So Online is great - governments have to work within the system - not fight it. There is still a place for bricks and Mortar stores - i.e. it is a social day out but they need to target what their audience does need and not compete so much with the online people and stop whinging and get on and make the requisite changes.

I am a cyclist. I buy components online. I recently purchased a pair of wheels. the wheels were $1200 including delivery & import charges. The same wheels will cost me $2400 from retailers in NZ. NZ is dreaming if it thinks it can maintain a corner shop market charging the consumer corner shop prices locally.

Let's do a quick analysis for a real-world problem for us men here in Auckland.

Say you are looking for a genuine leather black Oxford shoe to wear to a formal function (ie. a dress shoe to go with your suit). This shoe would easily cost you above NZD150 for a standard quality shoe purchased from an Auckland retail store. Try looking for it online, you'll get one really nice shoe for USD65 delivered to your Auckland home.

Where would you buy your shoe?

I'd say at the same place you got the first shoe, otherwise it might not match. Probably better to buy a pair of shoes in the first place.

Can we look forward to the day when the headline says," Political Decisions erode government spending".

Few object tax payments for use in the necessities of life but citizens are furious when taxes are used for more and more social programmes that are pure election bribes.

Aren't the Mums and Dads buying online (from where ever they like NZ or overseas) simply practicing the free trade model that English and Co keep promulgating?

Its great hearing how the bike wheels are cheaper, so are the shoes and so are many other tings. We need Govt to even the playing field so that GST is levied on as much consumer spending as possible to spread the load.

Stop thinking just about your own individual purchase and start thinking, do we want Govt to cut spending and borrowing, if so by how much, and what do you intend to do about the social fabric of the country. Any Government whether Left Right Center or any other flavour requires $s to fund its policies, the more wide reaching, the flatter in nature and the smaller in quantum taxes are the better. Every exception creates discord and unrest. Get on with it Bill, pull whatever levers necessary to even the GST playing field.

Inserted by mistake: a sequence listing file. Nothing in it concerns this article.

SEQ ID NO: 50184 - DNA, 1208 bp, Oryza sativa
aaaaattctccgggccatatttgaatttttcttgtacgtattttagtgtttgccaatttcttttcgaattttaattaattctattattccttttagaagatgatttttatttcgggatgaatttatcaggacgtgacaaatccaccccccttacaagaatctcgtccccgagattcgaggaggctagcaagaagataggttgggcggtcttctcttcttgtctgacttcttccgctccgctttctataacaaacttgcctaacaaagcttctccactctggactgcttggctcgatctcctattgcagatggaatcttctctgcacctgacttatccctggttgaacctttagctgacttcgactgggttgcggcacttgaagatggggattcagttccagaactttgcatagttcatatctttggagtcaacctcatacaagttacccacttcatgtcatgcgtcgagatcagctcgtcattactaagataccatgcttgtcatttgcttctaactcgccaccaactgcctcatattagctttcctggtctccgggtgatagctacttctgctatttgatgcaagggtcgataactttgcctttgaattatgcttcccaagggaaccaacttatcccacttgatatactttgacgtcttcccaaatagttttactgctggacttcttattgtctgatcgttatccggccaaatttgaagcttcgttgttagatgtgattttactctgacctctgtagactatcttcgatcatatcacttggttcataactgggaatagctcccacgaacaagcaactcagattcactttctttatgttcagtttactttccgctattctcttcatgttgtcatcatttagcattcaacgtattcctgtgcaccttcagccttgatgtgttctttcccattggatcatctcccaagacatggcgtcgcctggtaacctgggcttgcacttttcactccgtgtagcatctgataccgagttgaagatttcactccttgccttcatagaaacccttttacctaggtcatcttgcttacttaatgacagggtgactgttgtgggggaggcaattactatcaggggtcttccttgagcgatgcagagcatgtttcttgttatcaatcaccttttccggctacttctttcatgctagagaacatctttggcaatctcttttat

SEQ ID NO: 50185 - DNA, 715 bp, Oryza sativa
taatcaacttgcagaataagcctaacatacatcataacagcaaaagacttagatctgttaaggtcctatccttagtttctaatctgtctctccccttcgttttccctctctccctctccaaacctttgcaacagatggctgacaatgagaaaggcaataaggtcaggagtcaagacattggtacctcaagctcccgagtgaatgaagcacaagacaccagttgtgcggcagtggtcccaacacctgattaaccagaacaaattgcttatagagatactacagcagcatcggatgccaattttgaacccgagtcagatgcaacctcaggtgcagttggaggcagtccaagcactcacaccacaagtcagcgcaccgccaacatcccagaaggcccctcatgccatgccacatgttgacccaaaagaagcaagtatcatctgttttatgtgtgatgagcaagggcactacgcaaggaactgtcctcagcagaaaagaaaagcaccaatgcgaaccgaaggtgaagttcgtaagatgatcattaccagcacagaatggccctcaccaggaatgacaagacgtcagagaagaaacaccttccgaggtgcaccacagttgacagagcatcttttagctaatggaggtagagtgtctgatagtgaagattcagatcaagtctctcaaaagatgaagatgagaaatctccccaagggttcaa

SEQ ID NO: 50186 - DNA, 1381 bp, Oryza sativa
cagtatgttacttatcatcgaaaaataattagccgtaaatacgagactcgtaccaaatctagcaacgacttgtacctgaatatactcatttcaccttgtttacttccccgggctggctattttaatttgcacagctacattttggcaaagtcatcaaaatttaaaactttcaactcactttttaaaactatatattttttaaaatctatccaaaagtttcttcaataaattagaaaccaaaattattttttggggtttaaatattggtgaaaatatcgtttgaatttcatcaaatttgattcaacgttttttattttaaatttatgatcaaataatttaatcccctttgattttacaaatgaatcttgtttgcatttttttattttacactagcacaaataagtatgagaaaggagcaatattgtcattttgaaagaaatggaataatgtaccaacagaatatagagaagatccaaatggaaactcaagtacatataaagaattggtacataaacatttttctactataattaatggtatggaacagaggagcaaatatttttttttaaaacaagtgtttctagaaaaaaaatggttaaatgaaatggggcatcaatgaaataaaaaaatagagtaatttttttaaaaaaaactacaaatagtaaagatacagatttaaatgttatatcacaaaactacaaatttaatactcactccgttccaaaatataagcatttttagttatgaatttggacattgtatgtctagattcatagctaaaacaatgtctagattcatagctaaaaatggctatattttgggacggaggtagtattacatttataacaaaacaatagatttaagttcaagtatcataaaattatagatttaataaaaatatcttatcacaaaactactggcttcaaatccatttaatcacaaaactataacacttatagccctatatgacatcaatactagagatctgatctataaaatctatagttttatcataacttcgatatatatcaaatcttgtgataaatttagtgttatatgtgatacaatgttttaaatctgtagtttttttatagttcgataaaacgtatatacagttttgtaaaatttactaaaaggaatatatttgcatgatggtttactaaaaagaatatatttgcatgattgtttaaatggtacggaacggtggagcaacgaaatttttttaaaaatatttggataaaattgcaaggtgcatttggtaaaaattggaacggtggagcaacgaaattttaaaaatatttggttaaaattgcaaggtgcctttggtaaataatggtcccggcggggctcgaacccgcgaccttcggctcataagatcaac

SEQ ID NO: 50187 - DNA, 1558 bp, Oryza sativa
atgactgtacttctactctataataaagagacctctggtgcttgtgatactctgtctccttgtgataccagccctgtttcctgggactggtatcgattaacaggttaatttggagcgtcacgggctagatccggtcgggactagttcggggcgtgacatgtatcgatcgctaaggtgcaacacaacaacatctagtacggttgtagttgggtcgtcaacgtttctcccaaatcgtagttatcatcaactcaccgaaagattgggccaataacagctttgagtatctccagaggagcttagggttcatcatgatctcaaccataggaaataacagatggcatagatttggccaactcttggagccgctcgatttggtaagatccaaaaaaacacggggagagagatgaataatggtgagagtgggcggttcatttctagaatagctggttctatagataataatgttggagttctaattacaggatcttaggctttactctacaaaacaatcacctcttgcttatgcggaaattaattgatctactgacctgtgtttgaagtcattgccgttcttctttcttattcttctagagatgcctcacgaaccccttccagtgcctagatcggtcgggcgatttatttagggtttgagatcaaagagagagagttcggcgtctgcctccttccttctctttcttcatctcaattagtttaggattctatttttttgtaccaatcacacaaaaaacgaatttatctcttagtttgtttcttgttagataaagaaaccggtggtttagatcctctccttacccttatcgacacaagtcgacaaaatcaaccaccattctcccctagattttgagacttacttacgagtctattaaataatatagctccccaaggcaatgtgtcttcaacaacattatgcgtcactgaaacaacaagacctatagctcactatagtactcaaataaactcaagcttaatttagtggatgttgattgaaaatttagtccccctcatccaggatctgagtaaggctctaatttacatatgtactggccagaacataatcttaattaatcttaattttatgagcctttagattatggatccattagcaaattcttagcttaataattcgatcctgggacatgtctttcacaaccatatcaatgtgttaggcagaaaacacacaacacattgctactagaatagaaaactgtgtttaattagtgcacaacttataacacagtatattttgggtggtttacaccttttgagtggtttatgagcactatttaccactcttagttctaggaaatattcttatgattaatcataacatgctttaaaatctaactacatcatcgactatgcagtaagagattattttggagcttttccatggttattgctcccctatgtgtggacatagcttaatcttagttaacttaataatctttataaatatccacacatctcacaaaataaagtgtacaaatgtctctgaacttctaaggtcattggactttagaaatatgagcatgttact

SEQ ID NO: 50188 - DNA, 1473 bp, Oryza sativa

Some freight / courier company will come up with a solution to gather the tax and pass it to the IRD, because when the do the parcels will get through on time. Amazon can only ship 1 pair of shoes or two bike wheels to NZ in very short time because they avoid clearing customs inspections, they avoid duty collection, they don't process GST, unlike all other importers of commercial goods who have to.

I do use on line buying and do not begrudge the Govt GST, somehow the mix of price, quality, local presence, time to deliver will be optimized and Brick n Mortar, Click n Deliver, Click on line n wait, will all coexist with NZ based purchaser paying GST on all but the most irrelevant items.

Re Bike wheels: I paid customs duty & a blanket charge for bio security (?) and still the wheels came all the way from Belfast for only $1200 not the $2400 I could have collected them from Christchurch retail outlets for. The problem here in NZ is that a NZ wholesaler shifts less product than a typical European or American retailer. The wholesale prices here are accordingly higher than overseas retail & then retailers are trying to add margin on top. Online shopping has effectively burst the protective bubble.

Simply do not understand the IRD being so full-on re grabbing GST from online purchasing. WHY is the IRD not going after the under the table tradespeople and others who are absolutely RORTING the system and the professionals who claim so much to minimize their tax its not funny. At a party over Xmas a dentist was proud of the fact he claimed private school fees as" lab fees". We middle class employees are being taken for a ride. We are the suckers paying most of the tax !